The February Hush
by Thomas Wentworth Higginson (1823-1911)
Snow o’er the darkening moorlands,
Flakes fill the quiet air;
Drifts in the forest hollows,
And a soft mask everywhere.
The nearest twig on the pine-tree
Looks blue through the whitening sky,
And the clinging beech-leaves rustle
Though never a wind goes by.
But there’s red on the wildrose berries,
And red in the lovely glow
On the cheeks of the child beside me,
That once were pale, like snow.
From my copy of Into Winter: Discovering a Season by William P. Nestor, illustrated by Susan Banta (Houghton Mifflin, 1982, out of print); the poem was originally published in Afternoon Landscape: Poems and Translations by William Wentworth Higginson, 1889.
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Thomas Wentworth Higginson was an American Unitarian minister, Transcendentalist, writer, Civil War soldier, abolitionist, and supporter of temperance, labor rights, and the rights of women. A particularly good online biography is here, as part of “Notable American Unitarians”. Col. Higginson born on December 22, 1823 at Cambridge, Massachusetts, the descendant of a Puritan minister who emigrated to the Massachusetts Bay Colony, and the grandson of Stephen Higginson, a member of the Continental Congress. Higginson attended Harvard and was a schoolmaster for two years after graduating in 1841. He returned to Harvard to study at its Divinity School. Higginson proved to be too liberal for his first church, the First Religious Society (Unitarian) in Newburyport, Massachusetts, and was asked to leave after two years. An admirer of the writings of William Lloyd Garrison and Lydia Maria Childs, Higginson was one of the “Secret Six” who supported John Brown in his raid on Harper’s Ferry, Virginia, in 1859. During the Civil War, Higginson served the 51st Massachusetts Volunteers as captain, leaving this post to serve as colonel for the first black Union regiment, the First Carolina Volunteers (33rd Infantry Regiment, U.S. Colored Troops), comprised of escaped slaves.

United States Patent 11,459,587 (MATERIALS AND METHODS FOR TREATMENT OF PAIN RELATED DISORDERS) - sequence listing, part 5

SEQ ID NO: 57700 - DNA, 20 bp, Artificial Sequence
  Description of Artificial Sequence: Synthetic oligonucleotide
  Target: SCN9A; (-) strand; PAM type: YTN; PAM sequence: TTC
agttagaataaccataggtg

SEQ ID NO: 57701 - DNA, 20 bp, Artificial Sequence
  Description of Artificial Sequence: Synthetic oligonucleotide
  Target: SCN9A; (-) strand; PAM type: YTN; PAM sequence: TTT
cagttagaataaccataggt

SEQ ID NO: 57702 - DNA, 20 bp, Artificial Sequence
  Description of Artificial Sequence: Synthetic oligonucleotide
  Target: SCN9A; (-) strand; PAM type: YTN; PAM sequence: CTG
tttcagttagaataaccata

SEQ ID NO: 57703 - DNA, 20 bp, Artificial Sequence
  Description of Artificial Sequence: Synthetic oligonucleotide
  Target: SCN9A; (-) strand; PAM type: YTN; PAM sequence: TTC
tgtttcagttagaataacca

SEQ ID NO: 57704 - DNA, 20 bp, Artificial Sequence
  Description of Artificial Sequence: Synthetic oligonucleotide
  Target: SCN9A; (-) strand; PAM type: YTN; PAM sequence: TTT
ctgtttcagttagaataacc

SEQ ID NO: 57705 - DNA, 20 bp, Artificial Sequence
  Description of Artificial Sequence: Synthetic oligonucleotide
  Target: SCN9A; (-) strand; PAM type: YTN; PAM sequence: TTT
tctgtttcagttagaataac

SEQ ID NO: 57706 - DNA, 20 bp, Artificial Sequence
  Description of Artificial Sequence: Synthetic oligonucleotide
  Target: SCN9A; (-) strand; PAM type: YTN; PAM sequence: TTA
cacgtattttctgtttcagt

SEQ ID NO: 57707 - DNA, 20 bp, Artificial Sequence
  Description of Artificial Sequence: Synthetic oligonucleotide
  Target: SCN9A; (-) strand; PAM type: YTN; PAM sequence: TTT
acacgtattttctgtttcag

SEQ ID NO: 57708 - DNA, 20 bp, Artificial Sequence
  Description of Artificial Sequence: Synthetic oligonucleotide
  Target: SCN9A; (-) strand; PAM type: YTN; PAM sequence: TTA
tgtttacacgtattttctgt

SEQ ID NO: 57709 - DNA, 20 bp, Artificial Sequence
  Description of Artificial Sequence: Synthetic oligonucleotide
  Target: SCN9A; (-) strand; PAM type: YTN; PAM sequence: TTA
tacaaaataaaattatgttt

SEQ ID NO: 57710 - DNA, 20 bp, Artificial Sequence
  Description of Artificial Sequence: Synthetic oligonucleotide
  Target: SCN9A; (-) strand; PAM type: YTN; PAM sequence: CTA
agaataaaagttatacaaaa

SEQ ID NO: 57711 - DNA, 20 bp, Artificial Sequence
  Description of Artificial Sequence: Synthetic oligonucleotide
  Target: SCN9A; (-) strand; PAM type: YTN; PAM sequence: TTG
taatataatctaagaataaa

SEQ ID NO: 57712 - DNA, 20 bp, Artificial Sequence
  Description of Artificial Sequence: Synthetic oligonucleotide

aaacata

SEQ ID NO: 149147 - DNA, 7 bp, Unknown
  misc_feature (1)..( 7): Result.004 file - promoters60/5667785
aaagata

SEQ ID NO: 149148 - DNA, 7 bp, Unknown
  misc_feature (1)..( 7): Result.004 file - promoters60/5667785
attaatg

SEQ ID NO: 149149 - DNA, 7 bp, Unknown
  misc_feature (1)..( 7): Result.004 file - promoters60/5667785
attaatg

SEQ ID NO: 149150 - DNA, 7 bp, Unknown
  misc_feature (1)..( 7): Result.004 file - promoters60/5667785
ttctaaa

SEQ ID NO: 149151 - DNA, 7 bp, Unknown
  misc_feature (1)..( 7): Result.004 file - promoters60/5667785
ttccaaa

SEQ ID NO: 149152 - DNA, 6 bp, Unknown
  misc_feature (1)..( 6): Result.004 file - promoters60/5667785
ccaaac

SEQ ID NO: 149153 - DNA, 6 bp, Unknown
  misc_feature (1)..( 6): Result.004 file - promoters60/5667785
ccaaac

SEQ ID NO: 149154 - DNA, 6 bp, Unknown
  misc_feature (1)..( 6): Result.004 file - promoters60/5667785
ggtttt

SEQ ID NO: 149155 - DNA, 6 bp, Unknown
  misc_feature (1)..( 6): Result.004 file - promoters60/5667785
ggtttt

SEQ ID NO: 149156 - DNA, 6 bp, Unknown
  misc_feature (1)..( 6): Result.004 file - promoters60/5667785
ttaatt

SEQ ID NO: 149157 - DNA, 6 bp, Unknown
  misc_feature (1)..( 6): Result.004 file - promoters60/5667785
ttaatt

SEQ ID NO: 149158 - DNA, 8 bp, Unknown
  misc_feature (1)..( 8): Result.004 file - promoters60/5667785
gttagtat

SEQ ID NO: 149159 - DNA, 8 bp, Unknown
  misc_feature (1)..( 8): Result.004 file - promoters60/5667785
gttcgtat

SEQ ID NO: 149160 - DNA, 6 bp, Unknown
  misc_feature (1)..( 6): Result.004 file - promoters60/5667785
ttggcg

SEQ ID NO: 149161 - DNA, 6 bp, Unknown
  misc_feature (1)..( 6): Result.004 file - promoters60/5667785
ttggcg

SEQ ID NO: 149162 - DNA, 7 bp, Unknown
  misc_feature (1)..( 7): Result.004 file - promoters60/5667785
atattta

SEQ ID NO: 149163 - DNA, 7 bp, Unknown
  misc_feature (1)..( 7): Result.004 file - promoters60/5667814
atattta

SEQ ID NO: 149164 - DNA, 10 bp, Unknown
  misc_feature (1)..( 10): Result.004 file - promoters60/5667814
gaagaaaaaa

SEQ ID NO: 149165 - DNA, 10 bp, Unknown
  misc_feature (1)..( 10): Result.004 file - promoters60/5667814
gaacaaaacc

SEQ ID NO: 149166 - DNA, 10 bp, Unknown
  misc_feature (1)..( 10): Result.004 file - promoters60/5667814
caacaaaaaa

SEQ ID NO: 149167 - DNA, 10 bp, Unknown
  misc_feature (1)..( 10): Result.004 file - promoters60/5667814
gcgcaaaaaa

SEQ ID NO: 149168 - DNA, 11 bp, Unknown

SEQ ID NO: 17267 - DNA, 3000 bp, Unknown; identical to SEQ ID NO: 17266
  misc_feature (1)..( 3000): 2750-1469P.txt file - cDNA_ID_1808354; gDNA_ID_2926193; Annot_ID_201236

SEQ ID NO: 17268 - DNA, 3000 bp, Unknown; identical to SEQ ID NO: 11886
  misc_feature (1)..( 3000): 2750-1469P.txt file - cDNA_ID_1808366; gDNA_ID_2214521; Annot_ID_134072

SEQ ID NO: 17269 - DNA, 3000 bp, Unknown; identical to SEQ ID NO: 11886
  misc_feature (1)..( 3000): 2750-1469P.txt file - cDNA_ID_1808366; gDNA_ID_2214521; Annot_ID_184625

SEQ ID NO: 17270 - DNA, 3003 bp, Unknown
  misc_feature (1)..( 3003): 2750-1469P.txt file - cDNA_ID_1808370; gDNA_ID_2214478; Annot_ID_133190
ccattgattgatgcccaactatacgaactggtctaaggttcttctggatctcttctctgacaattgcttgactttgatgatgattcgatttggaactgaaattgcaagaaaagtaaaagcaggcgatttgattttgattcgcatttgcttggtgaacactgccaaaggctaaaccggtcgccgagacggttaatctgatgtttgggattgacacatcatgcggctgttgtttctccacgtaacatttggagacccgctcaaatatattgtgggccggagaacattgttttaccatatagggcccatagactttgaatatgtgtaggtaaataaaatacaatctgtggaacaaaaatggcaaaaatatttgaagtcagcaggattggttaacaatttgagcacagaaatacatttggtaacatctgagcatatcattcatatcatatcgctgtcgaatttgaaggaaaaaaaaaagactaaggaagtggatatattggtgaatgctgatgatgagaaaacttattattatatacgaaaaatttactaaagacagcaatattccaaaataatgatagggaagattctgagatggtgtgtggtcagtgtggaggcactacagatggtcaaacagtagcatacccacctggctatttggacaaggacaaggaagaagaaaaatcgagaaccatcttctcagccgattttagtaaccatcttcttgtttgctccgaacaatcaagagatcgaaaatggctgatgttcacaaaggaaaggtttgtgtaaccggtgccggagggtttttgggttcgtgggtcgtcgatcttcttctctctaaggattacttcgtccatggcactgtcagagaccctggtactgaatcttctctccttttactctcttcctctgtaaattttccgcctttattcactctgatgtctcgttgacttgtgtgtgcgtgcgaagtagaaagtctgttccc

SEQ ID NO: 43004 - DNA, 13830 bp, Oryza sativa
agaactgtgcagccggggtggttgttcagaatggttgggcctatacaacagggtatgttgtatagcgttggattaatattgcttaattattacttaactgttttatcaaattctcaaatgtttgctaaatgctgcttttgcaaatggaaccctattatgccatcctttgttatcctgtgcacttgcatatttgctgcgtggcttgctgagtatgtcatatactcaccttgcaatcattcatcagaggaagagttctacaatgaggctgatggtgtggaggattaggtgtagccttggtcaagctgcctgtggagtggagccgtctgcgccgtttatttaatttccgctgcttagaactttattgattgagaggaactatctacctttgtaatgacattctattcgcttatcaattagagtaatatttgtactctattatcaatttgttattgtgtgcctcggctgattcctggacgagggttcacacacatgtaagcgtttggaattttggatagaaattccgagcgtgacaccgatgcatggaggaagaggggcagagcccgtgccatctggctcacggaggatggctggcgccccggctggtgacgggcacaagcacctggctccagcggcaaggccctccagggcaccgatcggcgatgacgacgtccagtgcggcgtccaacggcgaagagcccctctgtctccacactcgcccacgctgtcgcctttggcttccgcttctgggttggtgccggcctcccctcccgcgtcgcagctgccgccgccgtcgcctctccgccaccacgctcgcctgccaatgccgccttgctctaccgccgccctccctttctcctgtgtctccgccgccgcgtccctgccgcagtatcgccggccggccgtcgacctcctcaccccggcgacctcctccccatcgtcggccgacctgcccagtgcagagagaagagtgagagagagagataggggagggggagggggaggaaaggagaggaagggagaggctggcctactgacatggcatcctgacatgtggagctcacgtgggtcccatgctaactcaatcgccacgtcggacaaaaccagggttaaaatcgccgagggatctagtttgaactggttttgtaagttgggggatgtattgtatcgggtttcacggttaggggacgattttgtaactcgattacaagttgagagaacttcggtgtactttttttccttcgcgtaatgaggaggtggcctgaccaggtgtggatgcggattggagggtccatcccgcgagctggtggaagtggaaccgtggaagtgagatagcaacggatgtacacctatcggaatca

Higginson was an early champion of Emily Dickinson, and the two enjoyed a 23-year-long correspondence; their relationship is the subject of a new book, White Heat: The Friendship of Emily Dickinson and Thomas Wentworth Higginson by Brenda Wineapple (Knopf, 2008). After the poet’s death in 1886, her family asked Higginson and Mabel Loomis Todd to edit and prepare for publication Emily Dickinson’s first collection of poetry.
From the time of the Civil War, Higginson published a number of works — poetry, biography, memoirs, essays, and history, including his Young Folks’ History of the United States; in 1875, The New York Times called the book one “which no American boy or girl can fail to read with pleasure while he or she learns from it all of the essential facts in the progress of the country”. Higginson was poetry editor at The Nation for 26 years, and wrote a regular column for Harper’s Bazaar, “Women and Men”, on equality of the sexes. A selection of his letters can be found here, though none to Miss Dickinson survive. One of his first books was a volume of collected natural history essays, Outdoor Papers, each originally published in The Atlantic. Higginson sent one copy of the book to Charles Darwin and another was found in the Dickinson family library.
Higginson died on May 9, 1911, at the age of 87 at Cambridge, Massachusetts.
The Magnificent Activist: The Writings of Thomas Wentworth Higginson, edited by Howard N. Meyer
White Heat: The Friendship of Emily Dickinson and Thomas Wentworth Higginson by Brenda Wineapple (Knopf, 2008)
Army Life in a Black Regiment: and Other Writings by Thomas Wentworth Higginson
The Complete Civil War Journal and Selected Letters of Thomas Wentworth Higginson, edited by Christopher Looby